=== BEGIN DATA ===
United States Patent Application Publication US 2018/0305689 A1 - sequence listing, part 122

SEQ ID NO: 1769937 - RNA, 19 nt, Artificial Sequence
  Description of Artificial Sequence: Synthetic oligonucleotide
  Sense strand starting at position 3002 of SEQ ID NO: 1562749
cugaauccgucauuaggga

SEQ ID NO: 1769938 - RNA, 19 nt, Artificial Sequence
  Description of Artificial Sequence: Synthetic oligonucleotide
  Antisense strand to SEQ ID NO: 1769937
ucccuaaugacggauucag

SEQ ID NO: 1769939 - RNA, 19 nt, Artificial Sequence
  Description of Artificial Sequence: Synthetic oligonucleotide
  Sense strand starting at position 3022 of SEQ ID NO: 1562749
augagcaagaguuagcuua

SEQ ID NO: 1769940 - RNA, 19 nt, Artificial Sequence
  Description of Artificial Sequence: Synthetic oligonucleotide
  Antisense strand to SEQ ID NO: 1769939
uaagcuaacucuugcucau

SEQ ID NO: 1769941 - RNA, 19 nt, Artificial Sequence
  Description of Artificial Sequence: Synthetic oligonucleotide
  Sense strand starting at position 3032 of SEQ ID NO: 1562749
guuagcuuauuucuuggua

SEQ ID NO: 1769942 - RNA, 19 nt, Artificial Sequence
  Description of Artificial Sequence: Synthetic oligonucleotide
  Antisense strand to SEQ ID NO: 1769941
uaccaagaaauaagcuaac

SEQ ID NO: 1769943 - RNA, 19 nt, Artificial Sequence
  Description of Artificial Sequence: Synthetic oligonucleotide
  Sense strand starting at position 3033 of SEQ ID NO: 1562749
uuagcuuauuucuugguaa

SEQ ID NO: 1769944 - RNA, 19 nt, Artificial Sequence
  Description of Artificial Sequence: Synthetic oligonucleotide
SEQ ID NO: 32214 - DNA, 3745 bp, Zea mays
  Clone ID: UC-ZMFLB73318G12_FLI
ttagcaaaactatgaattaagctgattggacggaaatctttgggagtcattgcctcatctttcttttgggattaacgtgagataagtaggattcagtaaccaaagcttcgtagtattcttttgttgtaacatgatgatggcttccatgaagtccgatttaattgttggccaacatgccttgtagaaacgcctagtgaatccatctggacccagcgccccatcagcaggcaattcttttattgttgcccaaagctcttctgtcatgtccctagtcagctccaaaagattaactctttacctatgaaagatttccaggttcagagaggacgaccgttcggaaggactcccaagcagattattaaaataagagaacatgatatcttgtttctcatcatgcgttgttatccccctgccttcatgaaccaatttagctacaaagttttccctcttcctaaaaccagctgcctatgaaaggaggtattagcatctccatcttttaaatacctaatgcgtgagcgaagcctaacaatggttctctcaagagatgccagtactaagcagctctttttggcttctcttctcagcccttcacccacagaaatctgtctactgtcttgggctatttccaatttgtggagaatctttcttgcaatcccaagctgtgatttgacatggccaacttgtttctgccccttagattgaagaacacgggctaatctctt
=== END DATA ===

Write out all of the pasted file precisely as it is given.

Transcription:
United States Patent Application Publication US 2018/0305689 A1 - sequence listing, part 122

SEQ ID NO: 1769937 - RNA, 19 nt, Artificial Sequence
  Description of Artificial Sequence: Synthetic oligonucleotide
  Sense strand starting at position 3002 of SEQ ID NO: 1562749
cugaauccgucauuaggga

SEQ ID NO: 1769938 - RNA, 19 nt, Artificial Sequence
  Description of Artificial Sequence: Synthetic oligonucleotide
  Antisense strand to SEQ ID NO: 1769937
ucccuaaugacggauucag

SEQ ID NO: 1769939 - RNA, 19 nt, Artificial Sequence
  Description of Artificial Sequence: Synthetic oligonucleotide
  Sense strand starting at position 3022 of SEQ ID NO: 1562749
augagcaagaguuagcuua

SEQ ID NO: 1769940 - RNA, 19 nt, Artificial Sequence
  Description of Artificial Sequence: Synthetic oligonucleotide
  Antisense strand to SEQ ID NO: 1769939
uaagcuaacucuugcucau

SEQ ID NO: 1769941 - RNA, 19 nt, Artificial Sequence
  Description of Artificial Sequence: Synthetic oligonucleotide
  Sense strand starting at position 3032 of SEQ ID NO: 1562749
guuagcuuauuucuuggua

SEQ ID NO: 1769942 - RNA, 19 nt, Artificial Sequence
  Description of Artificial Sequence: Synthetic oligonucleotide
  Antisense strand to SEQ ID NO: 1769941
uaccaagaaauaagcuaac

SEQ ID NO: 1769943 - RNA, 19 nt, Artificial Sequence
  Description of Artificial Sequence: Synthetic oligonucleotide
  Sense strand starting at position 3033 of SEQ ID NO: 1562749
uuagcuuauuucuugguaa

SEQ ID NO: 1769944 - RNA, 19 nt, Artificial Sequence
  Description of Artificial Sequence: Synthetic oligonucleotide
SEQ ID NO: 32214 - DNA, 3745 bp, Zea mays
  Clone ID: UC-ZMFLB73318G12_FLI
ttagcaaaactatgaattaagctgattggacggaaatctttgggagtcattgcctcatctttcttttgggattaacgtgagataagtaggattcagtaaccaaagcttcgtagtattcttttgttgtaacatgatgatggcttccatgaagtccgatttaattgttggccaacatgccttgtagaaacgcctagtgaatccatctggacccagcgccccatcagcaggcaattcttttattgttgcccaaagctcttctgtcatgtccctagtcagctccaaaagattaactctttacctatgaaagatttccaggttcagagaggacgaccgttcggaaggactcccaagcagattattaaaataagagaacatgatatcttgtttctcatcatgcgttgttatccccctgccttcatgaaccaatttagctacaaagttttccctcttcctaaaaccagctgcctatgaaaggaggtattagcatctccatcttttaaatacctaatgcgtgagcgaagcctaacaatggttctctcaagagatgccagtactaagcagctctttttggcttctcttctcagcccttcacccacagaaatctgtctactgtcttgggctatttccaatttgtggagaatctttcttgcaatcccaagctgtgatttgacatggccaacttgtttctgccccttagattgaagaacacgggctaatctctt